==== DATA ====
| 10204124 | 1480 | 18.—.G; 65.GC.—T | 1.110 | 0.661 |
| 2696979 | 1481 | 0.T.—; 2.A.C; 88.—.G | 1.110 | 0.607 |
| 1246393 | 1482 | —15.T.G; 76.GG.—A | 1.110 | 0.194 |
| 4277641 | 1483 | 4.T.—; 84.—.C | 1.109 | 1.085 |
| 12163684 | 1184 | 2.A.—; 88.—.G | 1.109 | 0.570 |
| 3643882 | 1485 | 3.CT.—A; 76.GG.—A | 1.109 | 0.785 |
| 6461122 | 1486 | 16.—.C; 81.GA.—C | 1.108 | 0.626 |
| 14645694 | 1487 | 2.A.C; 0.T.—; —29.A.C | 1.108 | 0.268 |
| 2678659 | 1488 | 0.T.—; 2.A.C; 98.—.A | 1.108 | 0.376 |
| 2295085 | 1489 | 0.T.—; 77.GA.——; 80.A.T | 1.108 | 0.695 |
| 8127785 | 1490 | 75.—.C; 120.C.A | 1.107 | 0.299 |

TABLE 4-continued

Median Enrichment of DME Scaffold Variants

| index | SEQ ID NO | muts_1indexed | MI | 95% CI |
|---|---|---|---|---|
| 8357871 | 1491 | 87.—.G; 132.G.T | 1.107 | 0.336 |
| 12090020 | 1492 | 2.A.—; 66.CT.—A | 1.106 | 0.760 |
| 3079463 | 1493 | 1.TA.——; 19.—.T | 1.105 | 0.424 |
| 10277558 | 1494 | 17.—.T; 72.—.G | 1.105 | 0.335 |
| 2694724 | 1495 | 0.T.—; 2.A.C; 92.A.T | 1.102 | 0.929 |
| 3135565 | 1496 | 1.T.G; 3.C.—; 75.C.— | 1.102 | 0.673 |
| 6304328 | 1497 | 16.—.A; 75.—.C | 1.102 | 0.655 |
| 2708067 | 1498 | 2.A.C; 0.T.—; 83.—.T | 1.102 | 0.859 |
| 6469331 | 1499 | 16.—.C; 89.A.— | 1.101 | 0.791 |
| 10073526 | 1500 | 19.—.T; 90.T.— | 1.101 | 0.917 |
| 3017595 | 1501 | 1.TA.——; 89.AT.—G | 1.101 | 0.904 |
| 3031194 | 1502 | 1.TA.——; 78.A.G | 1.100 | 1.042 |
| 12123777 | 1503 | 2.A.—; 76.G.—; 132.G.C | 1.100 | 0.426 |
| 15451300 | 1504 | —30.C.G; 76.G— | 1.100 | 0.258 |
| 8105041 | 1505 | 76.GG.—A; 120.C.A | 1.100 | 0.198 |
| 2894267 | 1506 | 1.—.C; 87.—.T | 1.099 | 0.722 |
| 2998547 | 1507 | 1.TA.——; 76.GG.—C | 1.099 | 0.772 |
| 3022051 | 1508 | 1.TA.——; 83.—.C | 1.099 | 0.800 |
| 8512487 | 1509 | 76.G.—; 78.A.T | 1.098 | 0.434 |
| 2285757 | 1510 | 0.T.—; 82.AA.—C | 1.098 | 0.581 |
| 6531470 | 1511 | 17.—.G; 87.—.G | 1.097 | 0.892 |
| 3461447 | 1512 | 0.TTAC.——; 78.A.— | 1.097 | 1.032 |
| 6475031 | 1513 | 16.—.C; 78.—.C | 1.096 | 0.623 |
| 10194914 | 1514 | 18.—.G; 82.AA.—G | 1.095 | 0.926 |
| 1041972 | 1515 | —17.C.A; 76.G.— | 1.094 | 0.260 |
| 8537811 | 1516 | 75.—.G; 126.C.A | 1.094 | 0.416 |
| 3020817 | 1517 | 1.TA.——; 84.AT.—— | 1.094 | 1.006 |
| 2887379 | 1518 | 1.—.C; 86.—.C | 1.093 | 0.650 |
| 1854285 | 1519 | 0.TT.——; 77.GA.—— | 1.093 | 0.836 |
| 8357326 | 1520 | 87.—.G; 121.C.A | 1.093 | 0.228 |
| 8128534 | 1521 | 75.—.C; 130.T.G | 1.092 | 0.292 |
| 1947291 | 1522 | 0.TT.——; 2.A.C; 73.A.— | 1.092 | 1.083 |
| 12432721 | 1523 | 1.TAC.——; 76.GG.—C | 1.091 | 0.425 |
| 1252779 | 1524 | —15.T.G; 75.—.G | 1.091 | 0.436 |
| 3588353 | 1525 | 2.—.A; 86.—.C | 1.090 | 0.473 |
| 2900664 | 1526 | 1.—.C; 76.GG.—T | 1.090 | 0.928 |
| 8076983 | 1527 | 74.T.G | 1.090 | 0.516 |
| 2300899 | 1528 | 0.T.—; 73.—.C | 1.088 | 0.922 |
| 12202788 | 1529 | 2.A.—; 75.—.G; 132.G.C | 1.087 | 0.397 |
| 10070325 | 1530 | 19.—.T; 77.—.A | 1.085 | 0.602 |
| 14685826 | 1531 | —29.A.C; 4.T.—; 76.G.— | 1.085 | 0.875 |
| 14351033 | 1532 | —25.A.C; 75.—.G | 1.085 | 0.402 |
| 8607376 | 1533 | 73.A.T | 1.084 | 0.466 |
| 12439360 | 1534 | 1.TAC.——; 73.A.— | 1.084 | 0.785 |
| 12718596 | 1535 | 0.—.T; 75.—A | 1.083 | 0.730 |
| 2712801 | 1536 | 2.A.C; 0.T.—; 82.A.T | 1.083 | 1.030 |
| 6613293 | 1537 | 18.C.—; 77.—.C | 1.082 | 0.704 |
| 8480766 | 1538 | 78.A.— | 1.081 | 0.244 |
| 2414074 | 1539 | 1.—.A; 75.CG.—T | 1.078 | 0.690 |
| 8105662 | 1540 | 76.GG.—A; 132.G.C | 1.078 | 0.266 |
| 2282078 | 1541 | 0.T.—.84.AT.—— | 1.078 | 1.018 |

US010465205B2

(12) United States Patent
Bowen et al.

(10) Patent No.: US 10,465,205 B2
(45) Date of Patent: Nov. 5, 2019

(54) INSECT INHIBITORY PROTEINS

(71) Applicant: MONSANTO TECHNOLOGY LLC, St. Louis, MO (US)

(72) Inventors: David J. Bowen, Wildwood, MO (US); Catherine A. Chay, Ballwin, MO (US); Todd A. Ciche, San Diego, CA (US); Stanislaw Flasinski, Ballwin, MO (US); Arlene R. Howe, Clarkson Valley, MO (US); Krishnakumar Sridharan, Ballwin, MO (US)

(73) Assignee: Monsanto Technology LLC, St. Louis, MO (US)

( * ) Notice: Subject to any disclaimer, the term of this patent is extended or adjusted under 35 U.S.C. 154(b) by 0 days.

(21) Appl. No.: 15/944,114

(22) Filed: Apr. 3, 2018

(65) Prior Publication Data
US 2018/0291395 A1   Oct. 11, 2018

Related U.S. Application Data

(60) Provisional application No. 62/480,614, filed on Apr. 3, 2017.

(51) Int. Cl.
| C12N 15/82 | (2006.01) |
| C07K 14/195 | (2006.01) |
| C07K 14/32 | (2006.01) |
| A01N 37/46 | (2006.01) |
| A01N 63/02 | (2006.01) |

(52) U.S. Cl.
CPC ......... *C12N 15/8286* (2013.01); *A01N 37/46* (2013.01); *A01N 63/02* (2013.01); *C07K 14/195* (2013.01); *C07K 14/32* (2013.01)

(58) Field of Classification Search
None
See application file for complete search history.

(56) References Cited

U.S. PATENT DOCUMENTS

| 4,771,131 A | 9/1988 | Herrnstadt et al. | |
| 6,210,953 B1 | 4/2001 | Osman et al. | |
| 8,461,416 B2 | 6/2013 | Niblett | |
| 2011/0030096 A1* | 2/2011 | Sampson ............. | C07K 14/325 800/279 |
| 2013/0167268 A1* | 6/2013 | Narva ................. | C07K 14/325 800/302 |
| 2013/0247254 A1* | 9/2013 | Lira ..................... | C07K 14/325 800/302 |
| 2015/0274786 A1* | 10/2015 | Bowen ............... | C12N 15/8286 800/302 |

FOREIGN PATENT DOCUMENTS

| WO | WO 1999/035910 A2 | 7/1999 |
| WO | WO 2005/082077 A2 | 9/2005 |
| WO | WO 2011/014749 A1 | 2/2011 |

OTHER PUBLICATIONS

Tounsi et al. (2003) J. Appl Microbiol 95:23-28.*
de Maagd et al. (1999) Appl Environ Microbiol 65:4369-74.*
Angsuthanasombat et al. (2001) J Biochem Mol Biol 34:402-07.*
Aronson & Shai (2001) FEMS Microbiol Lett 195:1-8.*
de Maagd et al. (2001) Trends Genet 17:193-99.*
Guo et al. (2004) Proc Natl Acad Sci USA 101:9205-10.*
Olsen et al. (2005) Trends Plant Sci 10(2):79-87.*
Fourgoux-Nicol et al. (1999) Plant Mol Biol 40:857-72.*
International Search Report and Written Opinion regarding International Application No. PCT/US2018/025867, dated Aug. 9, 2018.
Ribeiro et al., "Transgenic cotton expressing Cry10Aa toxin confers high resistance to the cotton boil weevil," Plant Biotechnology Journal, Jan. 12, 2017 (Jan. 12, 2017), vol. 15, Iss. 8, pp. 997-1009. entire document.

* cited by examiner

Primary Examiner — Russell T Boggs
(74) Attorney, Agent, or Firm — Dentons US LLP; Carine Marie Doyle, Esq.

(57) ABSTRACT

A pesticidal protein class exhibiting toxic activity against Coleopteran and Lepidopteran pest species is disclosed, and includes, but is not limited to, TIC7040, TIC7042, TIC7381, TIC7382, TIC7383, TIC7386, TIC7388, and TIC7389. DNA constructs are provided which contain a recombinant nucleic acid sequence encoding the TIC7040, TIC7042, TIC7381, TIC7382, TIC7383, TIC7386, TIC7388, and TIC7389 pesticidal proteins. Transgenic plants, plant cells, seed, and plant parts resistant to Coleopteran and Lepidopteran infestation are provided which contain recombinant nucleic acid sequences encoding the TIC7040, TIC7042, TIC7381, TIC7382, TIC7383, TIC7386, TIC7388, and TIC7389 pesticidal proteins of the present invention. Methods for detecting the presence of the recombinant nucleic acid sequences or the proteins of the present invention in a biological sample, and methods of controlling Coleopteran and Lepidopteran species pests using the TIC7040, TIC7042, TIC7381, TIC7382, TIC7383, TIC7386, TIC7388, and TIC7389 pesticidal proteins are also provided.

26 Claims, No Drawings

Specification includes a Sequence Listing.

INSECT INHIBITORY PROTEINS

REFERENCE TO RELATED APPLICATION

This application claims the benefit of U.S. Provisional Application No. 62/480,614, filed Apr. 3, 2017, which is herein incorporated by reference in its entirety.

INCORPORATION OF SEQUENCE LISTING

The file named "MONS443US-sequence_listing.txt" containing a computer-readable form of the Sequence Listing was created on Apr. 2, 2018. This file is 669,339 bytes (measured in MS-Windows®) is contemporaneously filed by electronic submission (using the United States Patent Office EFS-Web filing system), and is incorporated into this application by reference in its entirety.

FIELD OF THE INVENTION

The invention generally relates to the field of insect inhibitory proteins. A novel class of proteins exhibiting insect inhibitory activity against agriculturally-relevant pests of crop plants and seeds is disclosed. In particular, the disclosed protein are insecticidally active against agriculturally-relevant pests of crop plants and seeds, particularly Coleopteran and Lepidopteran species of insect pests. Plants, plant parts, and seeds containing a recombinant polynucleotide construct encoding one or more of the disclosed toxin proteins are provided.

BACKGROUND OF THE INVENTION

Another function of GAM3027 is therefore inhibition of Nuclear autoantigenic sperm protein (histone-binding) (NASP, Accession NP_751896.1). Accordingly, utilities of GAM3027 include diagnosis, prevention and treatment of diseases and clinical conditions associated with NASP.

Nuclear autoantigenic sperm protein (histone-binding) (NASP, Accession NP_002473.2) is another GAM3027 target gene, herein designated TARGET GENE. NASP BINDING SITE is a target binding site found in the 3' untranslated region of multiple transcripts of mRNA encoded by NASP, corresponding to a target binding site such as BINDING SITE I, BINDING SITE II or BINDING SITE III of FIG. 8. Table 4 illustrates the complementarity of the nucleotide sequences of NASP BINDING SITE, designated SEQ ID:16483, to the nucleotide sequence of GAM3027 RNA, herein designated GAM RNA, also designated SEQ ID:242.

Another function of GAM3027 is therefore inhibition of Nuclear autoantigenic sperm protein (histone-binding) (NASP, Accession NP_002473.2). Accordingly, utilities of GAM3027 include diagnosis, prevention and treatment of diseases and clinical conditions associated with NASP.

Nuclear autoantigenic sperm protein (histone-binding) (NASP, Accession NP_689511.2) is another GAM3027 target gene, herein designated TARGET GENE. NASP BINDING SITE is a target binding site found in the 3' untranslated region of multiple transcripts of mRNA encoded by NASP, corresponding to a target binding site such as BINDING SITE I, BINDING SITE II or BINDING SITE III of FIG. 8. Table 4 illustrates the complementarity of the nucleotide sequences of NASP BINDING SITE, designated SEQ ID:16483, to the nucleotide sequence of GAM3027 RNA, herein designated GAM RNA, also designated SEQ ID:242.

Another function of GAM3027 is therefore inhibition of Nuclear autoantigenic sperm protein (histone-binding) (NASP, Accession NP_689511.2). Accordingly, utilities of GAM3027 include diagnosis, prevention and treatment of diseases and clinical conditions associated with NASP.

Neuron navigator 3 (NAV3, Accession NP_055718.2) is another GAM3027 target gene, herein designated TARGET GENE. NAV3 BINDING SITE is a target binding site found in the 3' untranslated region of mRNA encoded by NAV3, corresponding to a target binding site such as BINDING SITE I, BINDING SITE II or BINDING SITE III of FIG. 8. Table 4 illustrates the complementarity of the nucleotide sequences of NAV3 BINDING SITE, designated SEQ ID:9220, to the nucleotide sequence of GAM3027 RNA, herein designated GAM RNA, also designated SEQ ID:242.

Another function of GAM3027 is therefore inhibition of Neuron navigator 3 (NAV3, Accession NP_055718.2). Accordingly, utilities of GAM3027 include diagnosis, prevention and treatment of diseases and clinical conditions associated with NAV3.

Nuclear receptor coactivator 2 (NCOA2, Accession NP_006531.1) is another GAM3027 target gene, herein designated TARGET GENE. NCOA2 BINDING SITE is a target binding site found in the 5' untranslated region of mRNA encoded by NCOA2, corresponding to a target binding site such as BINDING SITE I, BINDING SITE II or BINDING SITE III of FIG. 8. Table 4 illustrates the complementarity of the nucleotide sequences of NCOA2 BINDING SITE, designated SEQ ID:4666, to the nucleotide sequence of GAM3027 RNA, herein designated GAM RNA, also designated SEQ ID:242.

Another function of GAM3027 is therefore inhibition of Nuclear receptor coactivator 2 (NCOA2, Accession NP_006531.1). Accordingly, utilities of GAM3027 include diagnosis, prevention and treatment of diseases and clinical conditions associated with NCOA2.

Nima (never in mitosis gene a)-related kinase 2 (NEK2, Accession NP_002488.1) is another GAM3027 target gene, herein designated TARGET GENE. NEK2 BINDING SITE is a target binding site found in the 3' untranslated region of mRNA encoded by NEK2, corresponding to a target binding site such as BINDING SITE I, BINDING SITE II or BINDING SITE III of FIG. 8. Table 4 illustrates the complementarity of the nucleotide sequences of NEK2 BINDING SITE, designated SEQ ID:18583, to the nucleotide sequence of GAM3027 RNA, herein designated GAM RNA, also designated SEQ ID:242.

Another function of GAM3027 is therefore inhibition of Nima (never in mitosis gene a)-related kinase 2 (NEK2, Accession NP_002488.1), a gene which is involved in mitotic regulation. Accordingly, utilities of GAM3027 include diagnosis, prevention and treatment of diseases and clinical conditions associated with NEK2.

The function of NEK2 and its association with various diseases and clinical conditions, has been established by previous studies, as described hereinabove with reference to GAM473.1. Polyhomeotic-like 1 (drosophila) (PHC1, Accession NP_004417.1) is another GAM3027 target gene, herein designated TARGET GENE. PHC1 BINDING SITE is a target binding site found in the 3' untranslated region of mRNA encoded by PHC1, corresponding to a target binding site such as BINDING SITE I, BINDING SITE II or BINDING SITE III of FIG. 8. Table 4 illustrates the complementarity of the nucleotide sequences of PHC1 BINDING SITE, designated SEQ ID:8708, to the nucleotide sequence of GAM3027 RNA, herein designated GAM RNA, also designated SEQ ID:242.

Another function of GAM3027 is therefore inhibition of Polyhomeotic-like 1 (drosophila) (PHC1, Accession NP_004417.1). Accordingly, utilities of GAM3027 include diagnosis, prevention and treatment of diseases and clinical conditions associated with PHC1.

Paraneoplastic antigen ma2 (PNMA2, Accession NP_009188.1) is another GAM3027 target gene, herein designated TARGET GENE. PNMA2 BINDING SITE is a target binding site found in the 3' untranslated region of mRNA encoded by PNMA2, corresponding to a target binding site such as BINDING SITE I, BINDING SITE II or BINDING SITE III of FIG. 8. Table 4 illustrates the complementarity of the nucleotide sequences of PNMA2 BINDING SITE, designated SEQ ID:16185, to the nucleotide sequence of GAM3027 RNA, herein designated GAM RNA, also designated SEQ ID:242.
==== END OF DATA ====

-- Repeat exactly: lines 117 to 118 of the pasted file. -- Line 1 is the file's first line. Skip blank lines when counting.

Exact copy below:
Ribeiro et al., "Transgenic cotton expressing Cry10Aa toxin confers high resistance to the cotton boil weevil," Plant Biotechnology Journal, Jan. 12, 2017 (Jan. 12, 2017), vol. 15, Iss. 8, pp. 997-1009. entire document.

* cited by examiner